Rakhee Balaram is assistant professor of art & art history at the University at Albany, State University of New York. She has previously taught history of art at the School of Arts and Aesthetics, Jawaharlal Nehru University, New Delhi, and at the University of Warwick. She is currently working on two book-length projects, Decolonizing the Modern: Amrita Sher-Gil, Rabindranath Tagore and the Global Avant-Garde, a paradigmatic reassessment of two major Indian artists in the wake of global modernism, and Counterpractice: Psychoanalysis, Politics and the Art of ‘French Feminism’, or an alternative history of art in France after May ’68 (forthcoming, Manchester University Press). In 2011-2012, she was curator of Fragility, a large-scale exhibition focusing on contemporary Indian art and politics in Gurgaon, India.

The exhibition has led to a long-term research project, Postcolonialism and the Politics of Touch: Contemporary Indian Art and the New Sensorial. She is co-editor, along with Partha Mitter and Parul Dave-Mukherji, of a comprehensive survey of modern and contemporary Indian art, 20th Century Indian Art. Balaram holds double doctorates in French literature from Cambridge University and the history of art from the Courtauld Institute of Art, University of London.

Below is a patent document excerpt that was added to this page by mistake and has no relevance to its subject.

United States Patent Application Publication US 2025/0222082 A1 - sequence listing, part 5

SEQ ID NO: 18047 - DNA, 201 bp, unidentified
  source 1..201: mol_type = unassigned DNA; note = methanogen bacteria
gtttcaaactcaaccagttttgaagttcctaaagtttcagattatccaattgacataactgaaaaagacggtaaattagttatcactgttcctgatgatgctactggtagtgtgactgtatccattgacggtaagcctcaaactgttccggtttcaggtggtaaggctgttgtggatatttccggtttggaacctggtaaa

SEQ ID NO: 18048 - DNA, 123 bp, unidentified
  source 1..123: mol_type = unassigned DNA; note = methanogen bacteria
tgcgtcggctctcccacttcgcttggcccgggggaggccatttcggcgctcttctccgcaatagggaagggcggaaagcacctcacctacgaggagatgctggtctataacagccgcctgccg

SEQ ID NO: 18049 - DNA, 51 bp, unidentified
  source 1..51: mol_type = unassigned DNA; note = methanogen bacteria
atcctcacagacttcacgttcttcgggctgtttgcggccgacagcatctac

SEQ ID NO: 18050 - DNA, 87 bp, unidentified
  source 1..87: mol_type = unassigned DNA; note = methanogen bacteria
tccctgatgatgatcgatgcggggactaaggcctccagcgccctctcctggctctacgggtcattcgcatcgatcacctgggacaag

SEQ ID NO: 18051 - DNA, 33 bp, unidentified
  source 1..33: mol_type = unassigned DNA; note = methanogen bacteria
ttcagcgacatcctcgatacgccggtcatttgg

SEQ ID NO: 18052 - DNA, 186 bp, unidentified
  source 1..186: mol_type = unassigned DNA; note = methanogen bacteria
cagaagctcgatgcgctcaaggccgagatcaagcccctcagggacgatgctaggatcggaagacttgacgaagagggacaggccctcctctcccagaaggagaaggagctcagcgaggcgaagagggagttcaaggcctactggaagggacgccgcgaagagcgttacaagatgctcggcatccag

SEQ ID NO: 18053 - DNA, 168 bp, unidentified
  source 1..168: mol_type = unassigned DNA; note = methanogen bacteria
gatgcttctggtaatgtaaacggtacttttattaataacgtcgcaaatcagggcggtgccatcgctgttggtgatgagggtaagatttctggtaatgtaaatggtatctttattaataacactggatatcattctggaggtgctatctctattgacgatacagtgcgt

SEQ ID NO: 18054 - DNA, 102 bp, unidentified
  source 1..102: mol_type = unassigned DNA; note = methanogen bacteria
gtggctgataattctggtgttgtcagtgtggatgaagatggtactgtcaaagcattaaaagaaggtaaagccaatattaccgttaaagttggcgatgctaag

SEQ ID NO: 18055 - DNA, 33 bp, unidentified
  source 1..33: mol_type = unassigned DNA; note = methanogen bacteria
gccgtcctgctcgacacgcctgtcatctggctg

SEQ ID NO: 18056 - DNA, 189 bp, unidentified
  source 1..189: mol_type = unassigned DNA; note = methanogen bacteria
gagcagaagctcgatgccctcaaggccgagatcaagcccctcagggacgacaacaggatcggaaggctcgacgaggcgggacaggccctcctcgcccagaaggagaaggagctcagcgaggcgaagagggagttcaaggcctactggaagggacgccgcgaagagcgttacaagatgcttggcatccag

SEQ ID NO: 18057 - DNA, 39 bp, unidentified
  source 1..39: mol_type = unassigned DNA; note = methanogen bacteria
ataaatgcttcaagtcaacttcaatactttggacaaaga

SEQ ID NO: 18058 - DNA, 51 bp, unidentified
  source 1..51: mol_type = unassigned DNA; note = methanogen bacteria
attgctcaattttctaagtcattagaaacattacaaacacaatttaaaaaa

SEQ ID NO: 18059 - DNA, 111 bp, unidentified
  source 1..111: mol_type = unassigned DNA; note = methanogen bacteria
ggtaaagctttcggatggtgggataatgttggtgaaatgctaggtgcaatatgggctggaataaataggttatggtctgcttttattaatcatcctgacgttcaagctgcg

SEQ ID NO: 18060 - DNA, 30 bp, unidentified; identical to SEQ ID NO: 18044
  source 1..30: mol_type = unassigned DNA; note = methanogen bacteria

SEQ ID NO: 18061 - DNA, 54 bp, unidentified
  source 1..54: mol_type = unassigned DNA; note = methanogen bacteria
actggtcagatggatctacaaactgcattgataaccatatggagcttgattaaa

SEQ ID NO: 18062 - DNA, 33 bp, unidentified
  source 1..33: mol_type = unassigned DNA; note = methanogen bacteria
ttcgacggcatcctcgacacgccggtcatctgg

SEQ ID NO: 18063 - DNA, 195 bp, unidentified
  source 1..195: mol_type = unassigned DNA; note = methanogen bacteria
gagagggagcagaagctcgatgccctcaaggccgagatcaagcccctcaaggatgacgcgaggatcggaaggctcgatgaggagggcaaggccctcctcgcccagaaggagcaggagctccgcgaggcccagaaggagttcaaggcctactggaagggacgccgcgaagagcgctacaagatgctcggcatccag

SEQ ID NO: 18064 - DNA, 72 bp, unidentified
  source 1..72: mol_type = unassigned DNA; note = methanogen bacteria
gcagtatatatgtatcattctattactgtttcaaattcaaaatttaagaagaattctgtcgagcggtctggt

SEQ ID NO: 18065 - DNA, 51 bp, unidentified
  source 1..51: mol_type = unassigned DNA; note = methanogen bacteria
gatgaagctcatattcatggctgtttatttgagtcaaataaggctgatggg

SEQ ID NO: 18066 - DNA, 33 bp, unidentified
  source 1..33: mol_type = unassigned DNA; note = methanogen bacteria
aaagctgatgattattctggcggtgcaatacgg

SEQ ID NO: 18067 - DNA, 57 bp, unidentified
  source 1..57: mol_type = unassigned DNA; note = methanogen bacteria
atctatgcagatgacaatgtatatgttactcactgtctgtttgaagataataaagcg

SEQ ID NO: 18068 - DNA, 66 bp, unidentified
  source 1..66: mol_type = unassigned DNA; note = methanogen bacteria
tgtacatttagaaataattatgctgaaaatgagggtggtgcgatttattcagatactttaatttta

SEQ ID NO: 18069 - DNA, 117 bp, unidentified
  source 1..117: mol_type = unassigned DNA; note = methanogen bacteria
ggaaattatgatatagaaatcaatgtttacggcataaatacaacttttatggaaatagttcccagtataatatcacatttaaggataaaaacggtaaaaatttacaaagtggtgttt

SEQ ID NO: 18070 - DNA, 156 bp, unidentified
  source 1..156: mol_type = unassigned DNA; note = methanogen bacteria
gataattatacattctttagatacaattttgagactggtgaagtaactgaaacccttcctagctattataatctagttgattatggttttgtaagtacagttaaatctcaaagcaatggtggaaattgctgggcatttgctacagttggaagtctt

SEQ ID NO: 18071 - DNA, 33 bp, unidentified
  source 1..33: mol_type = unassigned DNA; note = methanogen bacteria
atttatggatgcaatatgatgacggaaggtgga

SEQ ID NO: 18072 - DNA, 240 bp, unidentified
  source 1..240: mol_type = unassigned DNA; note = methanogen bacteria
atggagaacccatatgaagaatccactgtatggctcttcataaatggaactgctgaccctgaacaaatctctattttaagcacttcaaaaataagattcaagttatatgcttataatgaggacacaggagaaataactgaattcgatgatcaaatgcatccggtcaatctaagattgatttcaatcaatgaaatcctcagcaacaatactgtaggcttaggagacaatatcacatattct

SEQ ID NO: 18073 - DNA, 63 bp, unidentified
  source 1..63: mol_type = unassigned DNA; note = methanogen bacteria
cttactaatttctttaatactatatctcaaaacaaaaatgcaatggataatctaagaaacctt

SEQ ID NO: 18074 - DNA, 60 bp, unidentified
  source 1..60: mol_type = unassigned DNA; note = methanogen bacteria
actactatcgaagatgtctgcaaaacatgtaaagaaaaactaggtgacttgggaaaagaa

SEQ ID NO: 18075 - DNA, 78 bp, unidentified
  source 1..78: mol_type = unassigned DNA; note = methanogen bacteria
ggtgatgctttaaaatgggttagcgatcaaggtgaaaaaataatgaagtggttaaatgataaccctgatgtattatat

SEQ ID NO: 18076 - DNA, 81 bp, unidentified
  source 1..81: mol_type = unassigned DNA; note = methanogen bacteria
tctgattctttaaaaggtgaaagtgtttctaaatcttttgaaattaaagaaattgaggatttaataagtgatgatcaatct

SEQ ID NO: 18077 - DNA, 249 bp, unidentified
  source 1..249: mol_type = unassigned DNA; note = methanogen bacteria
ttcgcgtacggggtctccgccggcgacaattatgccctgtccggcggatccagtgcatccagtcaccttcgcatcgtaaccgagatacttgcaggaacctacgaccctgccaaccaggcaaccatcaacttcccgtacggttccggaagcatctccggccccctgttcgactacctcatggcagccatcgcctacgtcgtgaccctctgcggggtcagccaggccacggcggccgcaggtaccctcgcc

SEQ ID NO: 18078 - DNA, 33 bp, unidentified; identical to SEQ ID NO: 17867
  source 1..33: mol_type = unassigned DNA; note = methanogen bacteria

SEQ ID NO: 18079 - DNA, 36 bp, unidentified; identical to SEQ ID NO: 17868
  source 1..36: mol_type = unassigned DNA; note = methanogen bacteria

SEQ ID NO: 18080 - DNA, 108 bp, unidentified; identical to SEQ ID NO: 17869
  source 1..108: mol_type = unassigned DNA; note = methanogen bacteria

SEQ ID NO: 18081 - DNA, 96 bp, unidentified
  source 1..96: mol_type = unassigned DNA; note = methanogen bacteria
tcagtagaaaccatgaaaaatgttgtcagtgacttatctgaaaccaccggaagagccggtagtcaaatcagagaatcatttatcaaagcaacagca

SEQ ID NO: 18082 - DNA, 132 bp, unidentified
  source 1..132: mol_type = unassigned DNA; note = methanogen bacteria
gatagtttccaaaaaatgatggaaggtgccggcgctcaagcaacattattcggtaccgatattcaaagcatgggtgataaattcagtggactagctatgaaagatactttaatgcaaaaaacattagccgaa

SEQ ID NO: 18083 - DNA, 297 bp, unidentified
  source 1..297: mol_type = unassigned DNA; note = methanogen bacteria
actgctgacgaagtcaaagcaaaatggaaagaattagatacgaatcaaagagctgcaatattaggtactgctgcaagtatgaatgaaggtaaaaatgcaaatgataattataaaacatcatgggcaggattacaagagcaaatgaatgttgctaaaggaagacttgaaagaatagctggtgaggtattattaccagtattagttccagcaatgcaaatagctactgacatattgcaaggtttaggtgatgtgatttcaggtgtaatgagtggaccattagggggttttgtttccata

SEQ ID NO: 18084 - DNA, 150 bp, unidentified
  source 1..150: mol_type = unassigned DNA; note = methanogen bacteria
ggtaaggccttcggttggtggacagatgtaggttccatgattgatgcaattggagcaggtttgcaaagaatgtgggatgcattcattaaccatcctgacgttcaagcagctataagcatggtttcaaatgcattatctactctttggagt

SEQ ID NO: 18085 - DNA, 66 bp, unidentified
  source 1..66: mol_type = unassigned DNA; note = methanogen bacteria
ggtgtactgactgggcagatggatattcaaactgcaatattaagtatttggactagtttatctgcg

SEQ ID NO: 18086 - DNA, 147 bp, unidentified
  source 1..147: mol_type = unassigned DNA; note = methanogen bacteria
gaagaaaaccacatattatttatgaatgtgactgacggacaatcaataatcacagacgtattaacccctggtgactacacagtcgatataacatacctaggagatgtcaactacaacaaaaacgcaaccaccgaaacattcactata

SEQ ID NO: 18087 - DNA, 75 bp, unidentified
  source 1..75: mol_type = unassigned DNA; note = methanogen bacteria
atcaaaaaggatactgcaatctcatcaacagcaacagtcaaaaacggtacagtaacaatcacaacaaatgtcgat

Decolonizing the Modern:
Amrita Sher-Gil, Rabindranath
Tagore, and the Global Avant-Garde

‘Decolonizing the Modern’ takes a paradigmatic view of two major Indian artists, Amrita Sher-Gil (1913-1941) and Rabindranath Tagore (1861-1941), in the wake of global modernism. These artists, so different in their aesthetic orientations, have yet to be fully understood in terms of their encounters and contribution to artistic practice both within and outside of South Asia. Sher-Gil migrated between Europe and India, while Tagore, after his Nobel Prize in 1913, travelled to the United States, Europe, South America, the Middle East, and Asia.

The artists forged connections with artists, schools, and movements outside of India as they contended with nationalist and revivalist movements back home. After independence in 1947, and during the decades of nation- and institution-building to follow, the canonization of these two artists would continue. With an emphasis on transcultural, feminist, and global approaches to art history, this research leads to a significant reconsideration of the work of Sher-Gil and Tagore in India and outside of the country.